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Burning issues by Cathy Cashio
Spring 2002      

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Burning Issues

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Building a P.R.I.N.T.
Layer by Layer

The Drive to Succeed



A Photographer's Perspective
By Angilee Wilkerson

Photo of Thom Alcoze with fire
From left: Earl, Angilee, Thom and Sally

Today begins the long journey north from Flagstaff, Ariz., to the border of Utah. It's a perfect day for a road trip — the crisp October air smells of pine and juniper, the sun is warm and bright and the sky has big puffy picture-book clouds.

I will be meeting Earl Zimmerman late in the morning and will follow him out to the Kaibab Paiute reservation where we will hook up with Thom Alcoze.

Before I meet up with the first of the two scientists, my objective is to find a health food store and stock up on trail mix and fruit, then check out a local coffee shop, a routine I have picked up on my location assignments. You can really get a feel for the locals this way, and the locals of Flagstaff are very down to earth. I feel right at home in my favorite faded jeans. Coffee in hand, donned in my warmest flannel and lucky cowgirl boots, I am ready to meet any challenge.

The drive north takes all day. The desert is like a chameleon changing repeatedly, dotted with sagebrush and cacti morphing into dense pine and aspen forest, ultimately spilling out onto a plateau cut so deep by a massive gorge it's hard to wrap the mind around. The light dances around, creating negative space as prominent as the mountains themselves.

We pull off the side of the road to check out a little makeshift jewelry stand. It seems so odd to see anyone out here, but there she is, the little old jewelry maker surrounded by nothingness, wrapped in a thick woven blanket the colors of turquoise and rust. She has patiently been waiting for someone like me to drive by. Her face has so many little lines and creases it's almost mesmerizing. I buy a strand of juniper berries, "to keep the nightmares away," she quietly tells me.

That evening I stand outside my hotel room in the freezing dark, once again mesmerized, this time by the twinkling, dancing stars active and bright in a sky that envelopes me.

The next day Thom, Earl, Thom's friend Sally and I load up the truck with all our gear and drive into the reservation. There are only dirt roads, and Thom has to drive fast and curvy to avoid getting stuck in the thick sepia dirt. It's like a roller coaster ride; I can't help but laugh each time my butt bounces off the seat.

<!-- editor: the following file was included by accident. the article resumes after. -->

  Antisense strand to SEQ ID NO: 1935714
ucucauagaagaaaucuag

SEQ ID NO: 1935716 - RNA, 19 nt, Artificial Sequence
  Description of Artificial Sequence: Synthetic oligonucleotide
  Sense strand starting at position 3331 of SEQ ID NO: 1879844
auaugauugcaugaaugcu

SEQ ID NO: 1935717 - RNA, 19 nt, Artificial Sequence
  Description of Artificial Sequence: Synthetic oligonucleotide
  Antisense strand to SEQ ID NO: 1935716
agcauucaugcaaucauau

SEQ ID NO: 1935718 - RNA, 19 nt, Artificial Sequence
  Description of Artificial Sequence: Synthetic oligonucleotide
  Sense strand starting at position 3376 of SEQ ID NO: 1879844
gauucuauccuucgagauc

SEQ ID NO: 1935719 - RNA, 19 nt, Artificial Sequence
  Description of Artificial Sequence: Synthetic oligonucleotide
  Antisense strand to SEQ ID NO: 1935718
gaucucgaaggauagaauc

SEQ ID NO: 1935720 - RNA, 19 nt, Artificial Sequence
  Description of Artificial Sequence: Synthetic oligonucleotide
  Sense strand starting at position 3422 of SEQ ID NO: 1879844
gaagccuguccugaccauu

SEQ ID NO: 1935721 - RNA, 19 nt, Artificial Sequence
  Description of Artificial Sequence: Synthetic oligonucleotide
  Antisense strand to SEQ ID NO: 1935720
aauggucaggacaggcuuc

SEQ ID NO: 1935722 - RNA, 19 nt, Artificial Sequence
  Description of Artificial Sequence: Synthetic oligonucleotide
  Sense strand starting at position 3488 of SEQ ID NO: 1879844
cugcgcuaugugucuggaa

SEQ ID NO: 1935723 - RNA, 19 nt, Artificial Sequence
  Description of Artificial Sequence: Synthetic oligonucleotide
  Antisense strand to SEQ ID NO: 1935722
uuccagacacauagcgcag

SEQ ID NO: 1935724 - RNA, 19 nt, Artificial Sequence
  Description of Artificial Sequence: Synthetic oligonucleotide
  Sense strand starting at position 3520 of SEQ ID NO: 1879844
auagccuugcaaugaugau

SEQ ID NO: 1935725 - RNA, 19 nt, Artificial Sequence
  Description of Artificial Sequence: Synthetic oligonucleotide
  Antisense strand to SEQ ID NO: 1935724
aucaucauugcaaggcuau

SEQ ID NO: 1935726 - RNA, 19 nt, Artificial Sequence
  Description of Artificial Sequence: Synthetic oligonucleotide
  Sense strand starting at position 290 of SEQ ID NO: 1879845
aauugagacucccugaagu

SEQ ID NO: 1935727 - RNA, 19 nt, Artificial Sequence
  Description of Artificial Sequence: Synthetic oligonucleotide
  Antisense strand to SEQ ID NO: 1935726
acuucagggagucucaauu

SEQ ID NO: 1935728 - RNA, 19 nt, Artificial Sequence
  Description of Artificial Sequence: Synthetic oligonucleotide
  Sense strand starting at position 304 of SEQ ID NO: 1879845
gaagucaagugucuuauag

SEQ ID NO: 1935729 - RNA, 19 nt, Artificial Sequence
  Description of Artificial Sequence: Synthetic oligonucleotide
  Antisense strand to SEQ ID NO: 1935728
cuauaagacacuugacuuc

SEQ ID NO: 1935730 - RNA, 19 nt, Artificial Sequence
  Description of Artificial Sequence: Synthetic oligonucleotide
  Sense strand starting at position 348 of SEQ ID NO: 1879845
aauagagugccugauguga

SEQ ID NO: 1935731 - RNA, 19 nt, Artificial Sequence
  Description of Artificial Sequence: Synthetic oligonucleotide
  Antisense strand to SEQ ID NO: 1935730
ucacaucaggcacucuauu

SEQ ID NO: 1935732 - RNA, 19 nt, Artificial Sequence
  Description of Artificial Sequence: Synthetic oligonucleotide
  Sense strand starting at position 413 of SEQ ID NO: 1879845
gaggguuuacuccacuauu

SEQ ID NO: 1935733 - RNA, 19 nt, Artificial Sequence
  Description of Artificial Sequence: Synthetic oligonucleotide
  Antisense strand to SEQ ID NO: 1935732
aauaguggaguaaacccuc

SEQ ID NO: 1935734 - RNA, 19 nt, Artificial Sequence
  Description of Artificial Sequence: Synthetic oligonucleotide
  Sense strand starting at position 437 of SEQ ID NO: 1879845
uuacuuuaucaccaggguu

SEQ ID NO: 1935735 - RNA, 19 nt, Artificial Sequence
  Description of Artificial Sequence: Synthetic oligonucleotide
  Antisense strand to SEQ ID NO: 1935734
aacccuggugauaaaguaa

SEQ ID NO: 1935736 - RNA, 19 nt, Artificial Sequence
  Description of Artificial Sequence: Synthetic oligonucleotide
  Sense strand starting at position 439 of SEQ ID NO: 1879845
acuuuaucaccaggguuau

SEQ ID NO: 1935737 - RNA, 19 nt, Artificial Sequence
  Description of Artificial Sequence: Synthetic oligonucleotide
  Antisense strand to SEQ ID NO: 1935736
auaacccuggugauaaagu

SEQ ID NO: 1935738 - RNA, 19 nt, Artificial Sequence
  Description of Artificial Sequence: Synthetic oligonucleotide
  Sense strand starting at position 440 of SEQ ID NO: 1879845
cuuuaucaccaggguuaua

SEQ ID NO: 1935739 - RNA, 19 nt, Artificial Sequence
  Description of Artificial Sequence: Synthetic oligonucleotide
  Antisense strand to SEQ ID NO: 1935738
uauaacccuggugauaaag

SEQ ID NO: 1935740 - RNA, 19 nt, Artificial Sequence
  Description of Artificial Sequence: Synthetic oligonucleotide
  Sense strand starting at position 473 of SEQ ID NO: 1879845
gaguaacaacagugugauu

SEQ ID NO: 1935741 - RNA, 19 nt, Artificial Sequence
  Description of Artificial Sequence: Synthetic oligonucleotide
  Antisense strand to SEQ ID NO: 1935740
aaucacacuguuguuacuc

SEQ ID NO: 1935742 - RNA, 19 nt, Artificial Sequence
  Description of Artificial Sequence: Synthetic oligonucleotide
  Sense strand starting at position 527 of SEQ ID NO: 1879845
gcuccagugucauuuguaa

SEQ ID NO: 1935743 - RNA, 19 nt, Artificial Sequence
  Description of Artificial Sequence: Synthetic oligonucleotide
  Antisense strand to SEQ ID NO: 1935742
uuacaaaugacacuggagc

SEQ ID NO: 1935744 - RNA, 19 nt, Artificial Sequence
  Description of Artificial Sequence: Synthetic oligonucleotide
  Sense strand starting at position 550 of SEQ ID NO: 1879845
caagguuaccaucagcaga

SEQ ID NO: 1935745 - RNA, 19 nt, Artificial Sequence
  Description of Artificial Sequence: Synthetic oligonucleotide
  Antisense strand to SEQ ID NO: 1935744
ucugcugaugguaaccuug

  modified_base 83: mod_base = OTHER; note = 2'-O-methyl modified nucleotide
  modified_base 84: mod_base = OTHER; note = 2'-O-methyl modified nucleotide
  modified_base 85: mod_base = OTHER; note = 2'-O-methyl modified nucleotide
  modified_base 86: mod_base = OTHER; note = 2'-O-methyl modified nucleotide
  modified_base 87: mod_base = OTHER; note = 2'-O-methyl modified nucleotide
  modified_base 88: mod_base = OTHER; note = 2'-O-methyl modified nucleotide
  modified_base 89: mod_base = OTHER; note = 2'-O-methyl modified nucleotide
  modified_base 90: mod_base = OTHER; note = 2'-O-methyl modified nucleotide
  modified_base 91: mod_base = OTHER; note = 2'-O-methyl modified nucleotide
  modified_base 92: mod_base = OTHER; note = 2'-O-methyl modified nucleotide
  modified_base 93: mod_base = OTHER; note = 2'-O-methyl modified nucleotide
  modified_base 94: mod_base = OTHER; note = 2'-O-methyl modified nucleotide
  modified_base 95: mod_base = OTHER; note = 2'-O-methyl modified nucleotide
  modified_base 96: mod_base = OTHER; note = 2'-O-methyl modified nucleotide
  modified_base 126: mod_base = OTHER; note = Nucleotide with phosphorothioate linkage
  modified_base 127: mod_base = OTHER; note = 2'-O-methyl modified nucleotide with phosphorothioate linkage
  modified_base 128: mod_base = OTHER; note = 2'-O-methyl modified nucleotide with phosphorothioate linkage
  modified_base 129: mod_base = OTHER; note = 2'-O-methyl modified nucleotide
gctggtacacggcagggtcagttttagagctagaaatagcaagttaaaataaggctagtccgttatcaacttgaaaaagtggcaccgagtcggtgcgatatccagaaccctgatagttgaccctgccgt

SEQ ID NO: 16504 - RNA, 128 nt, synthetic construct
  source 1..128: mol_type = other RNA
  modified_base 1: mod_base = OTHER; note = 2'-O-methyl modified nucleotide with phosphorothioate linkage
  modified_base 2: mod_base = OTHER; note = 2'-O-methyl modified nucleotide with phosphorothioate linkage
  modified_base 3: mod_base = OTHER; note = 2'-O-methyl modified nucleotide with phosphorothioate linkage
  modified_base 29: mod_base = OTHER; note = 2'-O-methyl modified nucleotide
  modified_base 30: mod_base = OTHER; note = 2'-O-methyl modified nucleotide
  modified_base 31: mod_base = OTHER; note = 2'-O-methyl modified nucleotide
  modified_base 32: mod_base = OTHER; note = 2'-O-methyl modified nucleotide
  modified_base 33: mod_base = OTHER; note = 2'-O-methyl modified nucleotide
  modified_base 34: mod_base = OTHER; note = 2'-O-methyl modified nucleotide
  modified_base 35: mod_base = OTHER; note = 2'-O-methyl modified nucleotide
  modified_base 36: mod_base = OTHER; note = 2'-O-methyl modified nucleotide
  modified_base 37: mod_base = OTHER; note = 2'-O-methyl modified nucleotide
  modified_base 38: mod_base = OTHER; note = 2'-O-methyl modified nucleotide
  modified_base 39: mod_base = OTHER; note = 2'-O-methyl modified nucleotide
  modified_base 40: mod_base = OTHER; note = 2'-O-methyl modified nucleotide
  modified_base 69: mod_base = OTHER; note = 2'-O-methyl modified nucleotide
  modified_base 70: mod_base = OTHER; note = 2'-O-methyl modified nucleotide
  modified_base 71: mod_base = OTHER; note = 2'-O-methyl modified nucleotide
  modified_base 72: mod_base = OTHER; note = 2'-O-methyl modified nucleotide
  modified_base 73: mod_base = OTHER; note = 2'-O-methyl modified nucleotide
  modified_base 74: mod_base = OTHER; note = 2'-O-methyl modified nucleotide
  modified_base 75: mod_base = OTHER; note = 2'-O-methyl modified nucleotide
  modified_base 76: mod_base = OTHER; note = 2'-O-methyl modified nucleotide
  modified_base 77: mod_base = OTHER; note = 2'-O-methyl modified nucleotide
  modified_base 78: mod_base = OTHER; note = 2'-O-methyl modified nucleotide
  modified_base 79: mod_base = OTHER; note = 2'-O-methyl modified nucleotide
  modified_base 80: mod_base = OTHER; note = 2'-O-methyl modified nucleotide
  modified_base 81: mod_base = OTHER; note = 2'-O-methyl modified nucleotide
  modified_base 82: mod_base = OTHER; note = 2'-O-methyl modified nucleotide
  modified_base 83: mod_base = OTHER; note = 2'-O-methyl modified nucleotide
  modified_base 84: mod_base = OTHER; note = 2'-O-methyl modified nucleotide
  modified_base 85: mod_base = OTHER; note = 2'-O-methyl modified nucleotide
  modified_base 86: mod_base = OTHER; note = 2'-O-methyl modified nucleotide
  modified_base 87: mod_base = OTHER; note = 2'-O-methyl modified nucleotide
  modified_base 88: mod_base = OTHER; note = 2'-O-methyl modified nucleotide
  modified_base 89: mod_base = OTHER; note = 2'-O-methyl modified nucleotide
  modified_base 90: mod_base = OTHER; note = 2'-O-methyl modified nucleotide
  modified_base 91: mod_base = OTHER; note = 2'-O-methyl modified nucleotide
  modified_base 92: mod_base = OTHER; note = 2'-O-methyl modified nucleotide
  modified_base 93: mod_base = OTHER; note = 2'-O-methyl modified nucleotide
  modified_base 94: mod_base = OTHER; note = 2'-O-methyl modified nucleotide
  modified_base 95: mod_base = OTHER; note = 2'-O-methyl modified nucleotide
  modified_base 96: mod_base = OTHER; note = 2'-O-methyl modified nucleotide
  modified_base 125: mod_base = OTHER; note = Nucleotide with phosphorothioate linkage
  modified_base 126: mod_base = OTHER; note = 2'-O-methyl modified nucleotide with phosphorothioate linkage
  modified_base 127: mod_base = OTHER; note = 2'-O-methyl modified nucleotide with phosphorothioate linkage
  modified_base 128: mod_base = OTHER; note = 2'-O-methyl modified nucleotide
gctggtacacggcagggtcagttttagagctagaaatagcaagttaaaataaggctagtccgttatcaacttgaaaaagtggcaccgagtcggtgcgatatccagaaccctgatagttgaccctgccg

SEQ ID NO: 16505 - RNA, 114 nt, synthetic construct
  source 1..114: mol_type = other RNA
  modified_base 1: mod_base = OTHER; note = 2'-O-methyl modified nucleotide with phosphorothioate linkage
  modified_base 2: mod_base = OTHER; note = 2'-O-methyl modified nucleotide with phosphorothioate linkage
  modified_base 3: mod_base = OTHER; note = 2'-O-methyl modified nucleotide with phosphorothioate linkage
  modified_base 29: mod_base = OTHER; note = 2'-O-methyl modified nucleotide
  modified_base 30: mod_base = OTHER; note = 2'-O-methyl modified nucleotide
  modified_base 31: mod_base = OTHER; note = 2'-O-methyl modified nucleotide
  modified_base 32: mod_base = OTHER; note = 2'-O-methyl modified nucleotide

We pass ponderosa and deer and ridges, finally arriving at the burn site. It starts to sprinkle, so I cover my camera with my bandana and start shooting. The light is incredible, the sun gives the raindrops an iridescent glow and a huge rainbow forms. The charred trees are slick from the rain. I can't believe my luck — the light is so intense, and I keep running back to the truck, grabbing more film.

Photo of Thom Alcoze with fire
The shot of Earl (left) and Thom building a fire takes real teamwork.

I know what I want for the "hero" shot. The challenge is pulling it all together. I want Thom and Earl to be standing behind a roaring fire and in front of an orange and pink sunset-lit mountain ridge. I'll light them with a large strobe and soft box from the front and rely on the ambient light to illuminate the landscape.

We have a few significant variables to contend with — finding a safe place to build a fire but still fulfill my vision of a background is one of them. The winds are high, which will make building and maintaining the fire difficult and dangerous if not well thought out. We have to guesstimate the exact time the sun will fall on the cliff we've chosen as our background.

Thom makes a prediction and determines we have about 30 minutes before optimum light. He's right on the money; his instincts are sharp.

The four of us are like bees, buzzing around, each with a task. Sally gathers wood, Earl shovels sand, Thom builds the fire and everyone helps me keep the equipment from blowing away and the sand out of my gear. I work on getting all three sources of light balanced. I'm pulling Polaroids like mad.

Amazingly, it all comes together without a hitch. It's real teamwork. That shoot is my second roller coaster ride of the day, a real rush. We end with Mexican food and stories.

Back in my hotel room — which, by the way, has a tree stump for a table — I crack the window so I can smell the desert night and thank the lucky stars hanging so low in the sky for such an incredible adventure.



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